How the Tech Industry is Changing For Women

By Zuzana Padychova

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When Netflix and Facebook updated their maternity leave policies at the end of 2015 it reignited the debate about women in the technology industry and how it is a male dominated arena. Information gathered for a recent infographic by Coupofy.com reveals that 56% of women who begin a career in tech end up leaving midway through.

30% of women that quit tech fall into the category of those who have trouble with poor pay, long hours, and the feeling that they cannot get promoted to the top positions. 27% leave because they don't get enough time to be with their families, 22% simply no longer enjoy the day to day work itself, and 17% did not enjoy the company environment, be it their bosses, co-workers or the general culture of the company.

Of course, there's no way of knowing the degree of which these reasons are based in gender inequality, however in an industry that is dominated and led by men it has to play a role. 80% of all new technology companies are started by men, 83% of Chief Information Officers in the Fortune 500 are men, 95% of tech investors are men, and around 93% of the richest people in tech are men. Couple this with the fact that most tech icons such as Mark Zuckerberg or the late Steve Jobs are men, it's pretty logical to assume that women are at a disadvantage, even if there's no conscious intent.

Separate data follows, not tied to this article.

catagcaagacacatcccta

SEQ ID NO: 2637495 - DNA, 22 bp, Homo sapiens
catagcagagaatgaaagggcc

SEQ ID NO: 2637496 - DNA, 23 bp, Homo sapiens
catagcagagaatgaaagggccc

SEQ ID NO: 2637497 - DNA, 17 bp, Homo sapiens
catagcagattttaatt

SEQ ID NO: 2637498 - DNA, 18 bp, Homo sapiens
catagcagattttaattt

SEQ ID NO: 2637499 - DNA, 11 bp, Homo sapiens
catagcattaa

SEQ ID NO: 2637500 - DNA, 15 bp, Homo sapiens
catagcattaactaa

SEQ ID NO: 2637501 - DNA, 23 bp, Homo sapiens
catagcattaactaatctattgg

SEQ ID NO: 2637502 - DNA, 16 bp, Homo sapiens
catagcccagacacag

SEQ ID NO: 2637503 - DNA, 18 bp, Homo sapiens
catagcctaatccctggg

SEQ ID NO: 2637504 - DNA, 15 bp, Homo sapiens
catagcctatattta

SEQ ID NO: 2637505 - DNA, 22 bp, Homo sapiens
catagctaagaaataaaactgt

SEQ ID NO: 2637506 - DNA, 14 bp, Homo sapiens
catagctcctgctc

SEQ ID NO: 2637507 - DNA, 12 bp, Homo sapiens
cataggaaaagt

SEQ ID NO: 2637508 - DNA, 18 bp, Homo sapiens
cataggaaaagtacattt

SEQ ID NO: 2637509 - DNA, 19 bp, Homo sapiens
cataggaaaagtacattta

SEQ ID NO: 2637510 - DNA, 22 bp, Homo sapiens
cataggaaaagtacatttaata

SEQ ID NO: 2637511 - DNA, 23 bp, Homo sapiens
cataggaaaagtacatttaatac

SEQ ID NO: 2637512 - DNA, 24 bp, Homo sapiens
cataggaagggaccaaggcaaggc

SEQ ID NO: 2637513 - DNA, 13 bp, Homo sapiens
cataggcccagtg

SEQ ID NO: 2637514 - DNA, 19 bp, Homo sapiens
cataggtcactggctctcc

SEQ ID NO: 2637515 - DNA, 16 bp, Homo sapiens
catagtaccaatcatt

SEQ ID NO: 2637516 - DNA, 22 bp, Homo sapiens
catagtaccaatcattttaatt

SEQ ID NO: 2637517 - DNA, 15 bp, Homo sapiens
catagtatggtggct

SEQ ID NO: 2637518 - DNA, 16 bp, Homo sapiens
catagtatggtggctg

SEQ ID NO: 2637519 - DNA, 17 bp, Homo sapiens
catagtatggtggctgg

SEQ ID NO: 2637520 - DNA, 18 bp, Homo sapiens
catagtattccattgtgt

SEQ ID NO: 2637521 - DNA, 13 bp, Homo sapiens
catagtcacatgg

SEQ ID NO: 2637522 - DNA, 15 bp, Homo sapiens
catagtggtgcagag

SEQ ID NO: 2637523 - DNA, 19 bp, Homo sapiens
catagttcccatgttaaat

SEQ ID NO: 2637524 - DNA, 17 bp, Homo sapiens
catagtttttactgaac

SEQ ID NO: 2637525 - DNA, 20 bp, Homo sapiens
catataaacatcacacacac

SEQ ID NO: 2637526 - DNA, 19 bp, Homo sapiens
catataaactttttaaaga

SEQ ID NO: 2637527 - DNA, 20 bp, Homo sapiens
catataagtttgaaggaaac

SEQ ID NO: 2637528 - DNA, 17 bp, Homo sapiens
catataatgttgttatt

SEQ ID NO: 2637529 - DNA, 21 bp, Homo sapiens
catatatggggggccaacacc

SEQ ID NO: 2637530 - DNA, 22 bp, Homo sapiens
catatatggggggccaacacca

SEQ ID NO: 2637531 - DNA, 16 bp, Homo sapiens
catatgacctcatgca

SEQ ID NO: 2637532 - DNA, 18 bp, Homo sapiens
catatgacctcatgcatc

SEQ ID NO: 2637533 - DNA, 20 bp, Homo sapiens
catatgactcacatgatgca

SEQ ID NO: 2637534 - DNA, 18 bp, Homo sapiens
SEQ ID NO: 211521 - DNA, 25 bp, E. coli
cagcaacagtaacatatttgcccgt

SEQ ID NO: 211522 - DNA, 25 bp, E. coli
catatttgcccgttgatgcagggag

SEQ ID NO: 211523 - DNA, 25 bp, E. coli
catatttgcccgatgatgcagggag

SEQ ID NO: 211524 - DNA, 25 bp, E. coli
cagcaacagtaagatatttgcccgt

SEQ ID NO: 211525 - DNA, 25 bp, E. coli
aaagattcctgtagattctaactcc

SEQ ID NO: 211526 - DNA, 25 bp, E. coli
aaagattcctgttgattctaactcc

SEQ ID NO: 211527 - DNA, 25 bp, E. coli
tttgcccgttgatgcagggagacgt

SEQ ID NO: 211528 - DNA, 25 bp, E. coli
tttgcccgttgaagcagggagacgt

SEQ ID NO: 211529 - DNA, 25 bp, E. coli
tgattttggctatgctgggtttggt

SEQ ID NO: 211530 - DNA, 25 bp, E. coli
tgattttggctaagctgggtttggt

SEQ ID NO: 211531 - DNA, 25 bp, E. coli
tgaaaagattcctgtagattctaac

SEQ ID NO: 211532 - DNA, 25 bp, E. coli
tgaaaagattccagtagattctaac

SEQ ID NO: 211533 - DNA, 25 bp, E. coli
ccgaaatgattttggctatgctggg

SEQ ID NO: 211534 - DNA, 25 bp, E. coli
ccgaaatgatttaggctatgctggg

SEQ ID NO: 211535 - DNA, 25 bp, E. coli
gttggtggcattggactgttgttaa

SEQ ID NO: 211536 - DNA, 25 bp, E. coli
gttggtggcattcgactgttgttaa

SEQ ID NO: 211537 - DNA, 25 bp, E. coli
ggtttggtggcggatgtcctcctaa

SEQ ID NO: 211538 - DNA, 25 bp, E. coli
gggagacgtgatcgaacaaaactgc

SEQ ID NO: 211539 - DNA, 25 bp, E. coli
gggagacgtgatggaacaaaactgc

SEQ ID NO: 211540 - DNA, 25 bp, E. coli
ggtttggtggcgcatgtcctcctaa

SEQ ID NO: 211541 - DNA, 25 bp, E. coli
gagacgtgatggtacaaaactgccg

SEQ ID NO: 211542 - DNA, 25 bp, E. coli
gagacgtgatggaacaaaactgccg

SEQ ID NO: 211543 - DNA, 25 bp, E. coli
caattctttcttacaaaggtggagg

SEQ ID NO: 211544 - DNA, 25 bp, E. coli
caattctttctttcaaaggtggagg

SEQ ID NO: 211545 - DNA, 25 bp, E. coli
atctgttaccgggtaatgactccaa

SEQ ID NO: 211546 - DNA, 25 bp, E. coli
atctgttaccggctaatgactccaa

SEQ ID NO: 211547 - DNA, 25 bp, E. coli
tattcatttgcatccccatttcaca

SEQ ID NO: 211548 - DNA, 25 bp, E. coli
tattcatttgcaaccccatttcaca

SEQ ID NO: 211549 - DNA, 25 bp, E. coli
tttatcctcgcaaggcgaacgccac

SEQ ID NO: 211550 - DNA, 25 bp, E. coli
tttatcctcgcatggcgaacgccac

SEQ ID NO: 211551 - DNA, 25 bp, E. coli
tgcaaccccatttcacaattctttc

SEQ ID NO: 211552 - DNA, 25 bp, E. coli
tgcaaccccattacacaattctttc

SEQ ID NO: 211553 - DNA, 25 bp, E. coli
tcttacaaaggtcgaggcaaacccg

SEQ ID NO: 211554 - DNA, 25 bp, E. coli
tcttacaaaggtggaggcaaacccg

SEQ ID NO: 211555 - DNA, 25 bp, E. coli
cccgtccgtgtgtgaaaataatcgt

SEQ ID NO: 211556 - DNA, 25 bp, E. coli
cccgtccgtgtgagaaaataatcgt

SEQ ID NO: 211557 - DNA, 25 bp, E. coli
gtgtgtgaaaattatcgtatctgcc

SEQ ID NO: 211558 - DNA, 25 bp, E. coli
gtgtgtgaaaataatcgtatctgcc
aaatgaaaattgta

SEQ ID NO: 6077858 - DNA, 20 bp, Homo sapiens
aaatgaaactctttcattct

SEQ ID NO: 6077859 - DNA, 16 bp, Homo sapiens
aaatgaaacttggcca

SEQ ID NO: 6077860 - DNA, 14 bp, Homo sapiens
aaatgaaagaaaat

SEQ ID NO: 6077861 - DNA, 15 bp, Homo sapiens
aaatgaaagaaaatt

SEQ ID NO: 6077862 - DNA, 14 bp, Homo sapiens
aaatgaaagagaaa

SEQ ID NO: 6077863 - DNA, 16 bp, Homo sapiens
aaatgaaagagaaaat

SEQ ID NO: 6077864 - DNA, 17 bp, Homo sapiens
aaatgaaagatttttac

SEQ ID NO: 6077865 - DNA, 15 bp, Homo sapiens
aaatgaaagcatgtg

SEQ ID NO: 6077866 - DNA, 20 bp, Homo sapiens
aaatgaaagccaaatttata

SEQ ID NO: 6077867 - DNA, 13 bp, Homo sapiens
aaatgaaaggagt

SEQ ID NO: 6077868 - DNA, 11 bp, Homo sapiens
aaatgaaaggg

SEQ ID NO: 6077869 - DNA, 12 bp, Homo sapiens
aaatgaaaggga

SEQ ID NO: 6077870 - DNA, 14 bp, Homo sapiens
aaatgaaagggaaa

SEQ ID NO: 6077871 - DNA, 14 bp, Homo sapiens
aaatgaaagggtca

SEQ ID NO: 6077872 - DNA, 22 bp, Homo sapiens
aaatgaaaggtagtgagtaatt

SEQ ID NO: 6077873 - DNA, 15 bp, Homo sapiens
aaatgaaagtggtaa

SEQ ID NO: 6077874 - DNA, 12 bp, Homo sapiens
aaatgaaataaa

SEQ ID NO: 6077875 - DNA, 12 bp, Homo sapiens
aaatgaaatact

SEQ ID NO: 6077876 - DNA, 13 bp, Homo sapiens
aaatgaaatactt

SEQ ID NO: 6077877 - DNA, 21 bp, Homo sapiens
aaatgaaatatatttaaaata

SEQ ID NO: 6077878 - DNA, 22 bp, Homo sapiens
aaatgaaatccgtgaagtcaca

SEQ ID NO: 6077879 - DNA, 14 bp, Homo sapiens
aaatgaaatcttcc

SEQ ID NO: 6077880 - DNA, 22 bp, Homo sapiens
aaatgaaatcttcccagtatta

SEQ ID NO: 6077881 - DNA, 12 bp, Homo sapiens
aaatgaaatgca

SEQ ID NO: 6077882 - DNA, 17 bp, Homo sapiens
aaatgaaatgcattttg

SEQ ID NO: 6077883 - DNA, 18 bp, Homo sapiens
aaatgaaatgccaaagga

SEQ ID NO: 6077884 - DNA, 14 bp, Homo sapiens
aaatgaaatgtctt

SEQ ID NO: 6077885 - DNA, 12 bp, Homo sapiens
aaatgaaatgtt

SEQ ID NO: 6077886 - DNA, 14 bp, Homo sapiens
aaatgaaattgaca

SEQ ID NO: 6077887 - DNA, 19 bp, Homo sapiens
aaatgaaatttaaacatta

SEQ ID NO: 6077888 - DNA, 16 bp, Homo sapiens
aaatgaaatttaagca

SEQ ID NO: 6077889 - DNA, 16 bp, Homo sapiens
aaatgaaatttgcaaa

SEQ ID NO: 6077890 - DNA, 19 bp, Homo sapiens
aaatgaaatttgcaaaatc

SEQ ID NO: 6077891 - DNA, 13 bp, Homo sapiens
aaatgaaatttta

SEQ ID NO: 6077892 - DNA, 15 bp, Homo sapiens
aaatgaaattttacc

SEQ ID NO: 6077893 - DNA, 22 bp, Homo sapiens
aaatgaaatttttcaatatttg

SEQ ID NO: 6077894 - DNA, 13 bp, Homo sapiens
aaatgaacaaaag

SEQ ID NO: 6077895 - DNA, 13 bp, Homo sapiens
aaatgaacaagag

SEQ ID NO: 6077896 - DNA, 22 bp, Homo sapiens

This disparity may not be around forever, though, as leading tech companies have started to change their hiring practises, and many trailblazing women are opening up doors that previously appeared shut.

Indeed, although men clearly still have the lion's share of tech startups, the number of women founding companies has jumped by 100% in the past 5 years. Likewise despite being underrepresented in the CIO position, in the Fortune 15 companies, there are 6 female CIOs, showing that changes may be coming from the top down. 

This is echoed by the 8 biggest tech firms in the world (Apple, Google, Facebook, eBay, Microsoft, Twitter, Yahoo!, and LinkedIn), who are now bringing in women at a rate 238% faster than their male counterparts.

There are also those who managed to buck the system and reach the top in spite of their gender. Take Zhou Qunfei of Lens technology in China. She founded the touchscreen maker in 2003 and is now worth $7.5 billion, with contracts with Apple and other leading mobile device brands. Then there's Denise Coates of betting site bet365 (worth $2.9 billion) and Judy Faulkner of medical tech firm Epic (worth $2.6 billion).

But how do we make this a common occurrence instead o the exception? If it's the long hours and lack of family time that is causing most women to quit tech (or perhaps never enter the field) then implementing flexible hours and remote work policies would make sense. And this, of course, wouldn't just benefit women. Research suggests everyone is happier working outside of the office and personal relationships are improved. 

Several venture capital firms have taken charge and are actively trying to increase the number of successful women in tech. They're doing this by investing only in female found startups. These include Golden Seed, Built By Girls, and Belle Capital. This approach coupled with the hiring of more women at leading firms definitely seems to be turning the tide. However, there's still a long road ahead.

To learn more about the female tech landscape be sure to check out the "33 Must Know Facts about Women in Tech" infographic from Coupofy.

 

33 Must Know Facts about Women in Tech

Made by: Coupofy

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